Abstract: I'll cover recent work grounding communication into complex decision settings to explain linguistic phenomena such as relevance and generics. I'll first present theoretical work generalizing Lewis signaling games to multi-armed bandit settings, creating a new game: Signaling Bandits. This allows us to extend computational models of communication (the Rational Speech Act) to incorporate decision-theoretic utility based on the listener's subsequent actions. I'll then preview behavioral data supporting these models, demonstrating participants' sensitivity to nuanced tradeoffs between epistemic and decision-theoretic objectives. In the long term, I hope to extend artificial agents' linguistic abilities, moving beyond concrete instructions to language encoding abstract information about the environment.
2/16 Ted Sumers (Princeton)
Title: How to Forage for Mushrooms Without Dying: Integrating Language and Reinforcement Learning
Title: Can Language Models Encode Perceptual Structure Without Grounding? A Case Study in Color
Abstract: Pretrained language models have been shown to encode relational information, such as the relations between entities or concepts in knowledge-bases -- (Paris, Capital, France). However, simple relations of this type can often be recovered heuristically and the extent to which models implicitly reflect topological structure that is grounded in world, such as perceptual structure, is unknown. To explore this question, we conduct a thorough case study on color. Namely, we employ a dataset of monolexemic color terms and color chips represented in CIELAB, a color space with a perceptually meaningful distance metric. Using two methods of evaluating the structural alignment of colors in this space with text-derived color term representations, we find significant correspondence. Analyzing the differences in alignment across the color spectrum, we find that warmer colors are, on average, better aligned to the perceptual color space than cooler ones, suggesting an intriguing connection to findings from recent work on efficient communication in color naming. Further analysis suggests that differences in alignment are, in part, mediated by collocationality and differences in syntactic usage, posing questions as to the relationship between color perception and usage and context.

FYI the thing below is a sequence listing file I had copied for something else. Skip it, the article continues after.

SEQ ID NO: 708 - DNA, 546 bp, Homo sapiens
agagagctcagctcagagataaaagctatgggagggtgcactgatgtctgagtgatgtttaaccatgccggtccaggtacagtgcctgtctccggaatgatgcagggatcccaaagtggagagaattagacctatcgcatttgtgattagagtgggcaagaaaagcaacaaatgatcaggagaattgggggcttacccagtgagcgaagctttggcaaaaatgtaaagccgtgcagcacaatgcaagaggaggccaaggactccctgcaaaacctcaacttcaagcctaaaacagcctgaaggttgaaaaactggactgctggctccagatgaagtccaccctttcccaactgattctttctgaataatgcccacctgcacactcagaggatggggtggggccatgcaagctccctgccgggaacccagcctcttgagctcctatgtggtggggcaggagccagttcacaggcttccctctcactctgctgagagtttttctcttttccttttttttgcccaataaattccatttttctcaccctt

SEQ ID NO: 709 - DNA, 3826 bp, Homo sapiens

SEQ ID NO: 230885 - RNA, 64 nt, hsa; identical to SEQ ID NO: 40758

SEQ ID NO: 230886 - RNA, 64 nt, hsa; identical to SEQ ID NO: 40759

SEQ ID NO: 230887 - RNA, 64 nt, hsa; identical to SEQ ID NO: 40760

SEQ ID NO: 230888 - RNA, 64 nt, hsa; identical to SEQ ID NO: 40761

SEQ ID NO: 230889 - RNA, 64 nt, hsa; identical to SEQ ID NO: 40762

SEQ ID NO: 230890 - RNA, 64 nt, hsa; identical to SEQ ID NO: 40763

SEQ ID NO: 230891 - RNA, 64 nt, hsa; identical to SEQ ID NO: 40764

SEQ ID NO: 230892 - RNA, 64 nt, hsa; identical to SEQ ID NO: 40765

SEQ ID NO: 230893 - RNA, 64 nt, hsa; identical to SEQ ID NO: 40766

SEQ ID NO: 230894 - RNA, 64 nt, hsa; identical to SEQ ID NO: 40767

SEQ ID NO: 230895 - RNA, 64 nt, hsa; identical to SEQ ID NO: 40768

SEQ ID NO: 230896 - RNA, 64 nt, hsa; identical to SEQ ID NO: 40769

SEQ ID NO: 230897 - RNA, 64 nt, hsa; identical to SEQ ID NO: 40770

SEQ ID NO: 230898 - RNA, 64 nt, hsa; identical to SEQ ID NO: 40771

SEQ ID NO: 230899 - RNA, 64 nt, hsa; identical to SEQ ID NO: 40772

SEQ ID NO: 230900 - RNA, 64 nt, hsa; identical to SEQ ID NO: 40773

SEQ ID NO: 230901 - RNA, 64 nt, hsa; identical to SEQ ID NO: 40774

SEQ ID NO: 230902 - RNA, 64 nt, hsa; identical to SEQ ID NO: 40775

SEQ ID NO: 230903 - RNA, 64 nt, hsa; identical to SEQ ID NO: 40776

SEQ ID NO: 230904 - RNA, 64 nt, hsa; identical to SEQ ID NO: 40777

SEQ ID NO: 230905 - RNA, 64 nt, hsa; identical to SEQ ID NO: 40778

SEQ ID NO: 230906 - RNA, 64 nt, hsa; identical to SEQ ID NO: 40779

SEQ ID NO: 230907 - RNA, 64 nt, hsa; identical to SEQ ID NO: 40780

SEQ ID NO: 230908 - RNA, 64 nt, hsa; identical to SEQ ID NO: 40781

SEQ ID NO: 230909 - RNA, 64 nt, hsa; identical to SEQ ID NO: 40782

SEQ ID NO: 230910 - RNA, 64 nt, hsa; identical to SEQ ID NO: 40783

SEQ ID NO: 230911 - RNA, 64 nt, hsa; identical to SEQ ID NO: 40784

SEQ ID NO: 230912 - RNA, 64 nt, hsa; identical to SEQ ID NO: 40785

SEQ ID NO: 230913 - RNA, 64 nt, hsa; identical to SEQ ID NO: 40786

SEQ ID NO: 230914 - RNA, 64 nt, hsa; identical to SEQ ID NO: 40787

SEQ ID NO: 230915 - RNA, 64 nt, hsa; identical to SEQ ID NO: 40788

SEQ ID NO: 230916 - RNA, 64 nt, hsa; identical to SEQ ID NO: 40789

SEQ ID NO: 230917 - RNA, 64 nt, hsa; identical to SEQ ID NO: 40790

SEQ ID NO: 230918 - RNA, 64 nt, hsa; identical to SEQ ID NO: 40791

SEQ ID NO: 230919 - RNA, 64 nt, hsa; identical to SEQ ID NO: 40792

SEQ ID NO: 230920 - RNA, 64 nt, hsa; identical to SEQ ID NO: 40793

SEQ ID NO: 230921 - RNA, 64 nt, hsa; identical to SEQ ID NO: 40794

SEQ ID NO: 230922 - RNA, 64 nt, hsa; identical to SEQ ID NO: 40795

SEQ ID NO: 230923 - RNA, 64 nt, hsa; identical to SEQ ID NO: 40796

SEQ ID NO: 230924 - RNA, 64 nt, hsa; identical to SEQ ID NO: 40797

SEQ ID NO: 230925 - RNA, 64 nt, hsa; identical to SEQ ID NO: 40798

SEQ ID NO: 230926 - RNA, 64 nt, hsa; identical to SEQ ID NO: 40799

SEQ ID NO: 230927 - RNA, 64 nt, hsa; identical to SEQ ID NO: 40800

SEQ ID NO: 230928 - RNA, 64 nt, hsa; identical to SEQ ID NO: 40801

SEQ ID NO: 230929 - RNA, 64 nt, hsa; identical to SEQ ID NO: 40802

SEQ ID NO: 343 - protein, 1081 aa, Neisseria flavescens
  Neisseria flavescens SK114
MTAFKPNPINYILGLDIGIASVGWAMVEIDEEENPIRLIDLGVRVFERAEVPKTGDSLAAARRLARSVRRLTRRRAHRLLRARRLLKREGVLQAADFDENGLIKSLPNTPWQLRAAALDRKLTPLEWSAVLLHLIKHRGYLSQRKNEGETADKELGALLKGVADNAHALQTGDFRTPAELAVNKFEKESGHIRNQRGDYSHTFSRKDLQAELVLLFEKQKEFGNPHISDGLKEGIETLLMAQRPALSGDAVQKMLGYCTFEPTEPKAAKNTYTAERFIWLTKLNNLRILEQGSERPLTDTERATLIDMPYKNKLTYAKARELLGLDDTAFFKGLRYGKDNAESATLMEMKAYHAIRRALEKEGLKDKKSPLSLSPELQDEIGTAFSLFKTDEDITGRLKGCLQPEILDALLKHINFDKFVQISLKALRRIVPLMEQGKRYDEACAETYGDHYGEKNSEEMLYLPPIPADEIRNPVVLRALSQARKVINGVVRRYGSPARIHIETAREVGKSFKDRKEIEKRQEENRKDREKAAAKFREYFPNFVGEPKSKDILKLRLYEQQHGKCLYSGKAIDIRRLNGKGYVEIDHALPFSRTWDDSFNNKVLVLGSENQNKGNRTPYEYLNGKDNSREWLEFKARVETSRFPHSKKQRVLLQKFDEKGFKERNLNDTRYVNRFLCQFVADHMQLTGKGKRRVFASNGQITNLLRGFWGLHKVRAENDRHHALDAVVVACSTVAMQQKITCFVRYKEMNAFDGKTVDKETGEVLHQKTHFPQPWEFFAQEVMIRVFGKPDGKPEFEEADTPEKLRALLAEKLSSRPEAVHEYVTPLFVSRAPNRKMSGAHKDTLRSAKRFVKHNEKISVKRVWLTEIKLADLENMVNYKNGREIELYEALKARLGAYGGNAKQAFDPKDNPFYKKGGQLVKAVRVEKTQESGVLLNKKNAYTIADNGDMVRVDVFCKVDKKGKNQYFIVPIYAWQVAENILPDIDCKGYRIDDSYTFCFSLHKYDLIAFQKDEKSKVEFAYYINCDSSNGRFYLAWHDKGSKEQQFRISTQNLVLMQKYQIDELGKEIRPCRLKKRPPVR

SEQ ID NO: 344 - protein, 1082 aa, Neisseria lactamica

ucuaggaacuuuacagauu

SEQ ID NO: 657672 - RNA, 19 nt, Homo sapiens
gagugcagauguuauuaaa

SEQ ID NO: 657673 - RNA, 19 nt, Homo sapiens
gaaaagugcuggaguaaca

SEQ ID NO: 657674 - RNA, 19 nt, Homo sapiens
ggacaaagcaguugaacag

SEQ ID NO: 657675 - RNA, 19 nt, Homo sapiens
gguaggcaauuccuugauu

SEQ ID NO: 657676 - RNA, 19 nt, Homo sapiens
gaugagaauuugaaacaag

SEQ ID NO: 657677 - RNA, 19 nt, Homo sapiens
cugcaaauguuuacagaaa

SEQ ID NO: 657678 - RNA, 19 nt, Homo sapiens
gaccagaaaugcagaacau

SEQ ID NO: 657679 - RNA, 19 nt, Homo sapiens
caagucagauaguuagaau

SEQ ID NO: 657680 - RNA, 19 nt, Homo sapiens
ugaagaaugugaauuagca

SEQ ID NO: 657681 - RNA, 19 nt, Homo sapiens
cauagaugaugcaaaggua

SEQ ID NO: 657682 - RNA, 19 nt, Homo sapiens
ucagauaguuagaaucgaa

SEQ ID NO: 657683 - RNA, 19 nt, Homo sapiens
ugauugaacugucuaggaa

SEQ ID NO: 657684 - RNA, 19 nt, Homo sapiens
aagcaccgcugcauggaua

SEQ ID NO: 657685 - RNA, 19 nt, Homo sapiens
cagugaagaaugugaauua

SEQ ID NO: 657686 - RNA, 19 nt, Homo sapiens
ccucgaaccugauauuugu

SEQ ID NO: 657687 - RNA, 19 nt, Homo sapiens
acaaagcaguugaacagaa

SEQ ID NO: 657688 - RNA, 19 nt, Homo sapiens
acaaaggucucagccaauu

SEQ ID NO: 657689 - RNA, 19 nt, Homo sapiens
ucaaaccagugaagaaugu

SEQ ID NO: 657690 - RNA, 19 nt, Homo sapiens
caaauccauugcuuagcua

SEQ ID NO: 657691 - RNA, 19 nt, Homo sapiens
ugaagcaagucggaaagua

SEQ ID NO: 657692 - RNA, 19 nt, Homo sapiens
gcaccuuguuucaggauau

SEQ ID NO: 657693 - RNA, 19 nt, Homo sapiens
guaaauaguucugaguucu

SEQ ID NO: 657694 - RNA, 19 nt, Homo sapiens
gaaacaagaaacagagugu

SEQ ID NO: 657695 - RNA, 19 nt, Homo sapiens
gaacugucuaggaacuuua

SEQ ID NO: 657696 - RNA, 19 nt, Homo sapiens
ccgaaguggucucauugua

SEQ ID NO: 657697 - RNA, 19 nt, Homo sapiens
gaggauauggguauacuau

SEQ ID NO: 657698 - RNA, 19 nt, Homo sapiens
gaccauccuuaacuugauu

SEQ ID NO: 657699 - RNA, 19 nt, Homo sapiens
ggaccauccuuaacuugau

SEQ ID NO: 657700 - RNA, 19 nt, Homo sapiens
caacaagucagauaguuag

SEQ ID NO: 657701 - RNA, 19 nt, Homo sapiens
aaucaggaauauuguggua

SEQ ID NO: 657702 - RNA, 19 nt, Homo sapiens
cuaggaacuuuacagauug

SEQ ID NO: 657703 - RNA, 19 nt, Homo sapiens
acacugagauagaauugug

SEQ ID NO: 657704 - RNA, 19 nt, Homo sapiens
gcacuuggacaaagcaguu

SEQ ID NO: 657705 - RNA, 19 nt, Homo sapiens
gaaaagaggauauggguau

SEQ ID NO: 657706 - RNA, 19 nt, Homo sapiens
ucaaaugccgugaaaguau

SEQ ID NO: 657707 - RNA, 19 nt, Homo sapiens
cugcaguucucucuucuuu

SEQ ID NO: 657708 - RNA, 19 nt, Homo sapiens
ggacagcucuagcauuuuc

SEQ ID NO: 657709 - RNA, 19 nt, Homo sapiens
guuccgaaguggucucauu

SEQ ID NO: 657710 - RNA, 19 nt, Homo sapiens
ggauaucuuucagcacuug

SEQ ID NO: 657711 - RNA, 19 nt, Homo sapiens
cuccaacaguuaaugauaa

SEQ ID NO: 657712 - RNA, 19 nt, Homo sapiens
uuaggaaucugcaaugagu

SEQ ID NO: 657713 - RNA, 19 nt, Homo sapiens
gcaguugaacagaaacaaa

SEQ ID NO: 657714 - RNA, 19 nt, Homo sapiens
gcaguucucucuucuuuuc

3/9 Najoung Kim (BU/NYU)
Title: Compositional Generalization in Artificial Neural Networks
Abstract: Compositionality is considered a central property of human language. One key benefit of compositionality is the generalization it enables the production and comprehension of novel expressions analyzed as new compositions of familiar parts. I construct a test for compositional generalization for artificial neural networks based on human generalization patterns discussed in existing linguistic and developmental studies, and test several instantiations of Transformer (Vaswani et al. 2017) and Long Short-Term Memory (Hochreiter & Schmidhuber 1997) models. The models evaluated exhibit only limited degrees of compositional generalization, implying that their learning biases for induction to fill gaps in the training data differ from those of human learners. An error analysis reveals that all models tested lack bias towards faithfulness (à la Prince & Smolensky 1993/2002). Adding a glossing task (word-by-word translation), a task that requires maximally faithful input-output mappings, as an auxiliary training objective to the Transformer model substantially improves generalization, showing that the auxiliary training successfully modified the model's inductive bias. However, the improvement is limited to generalization to novel compositions of known lexical items and known structures; all models still struggled with generalization to novel structures, regardless of auxiliary training. The challenge of structural generalization leaves open exciting avenues for future research for both human and machine learners.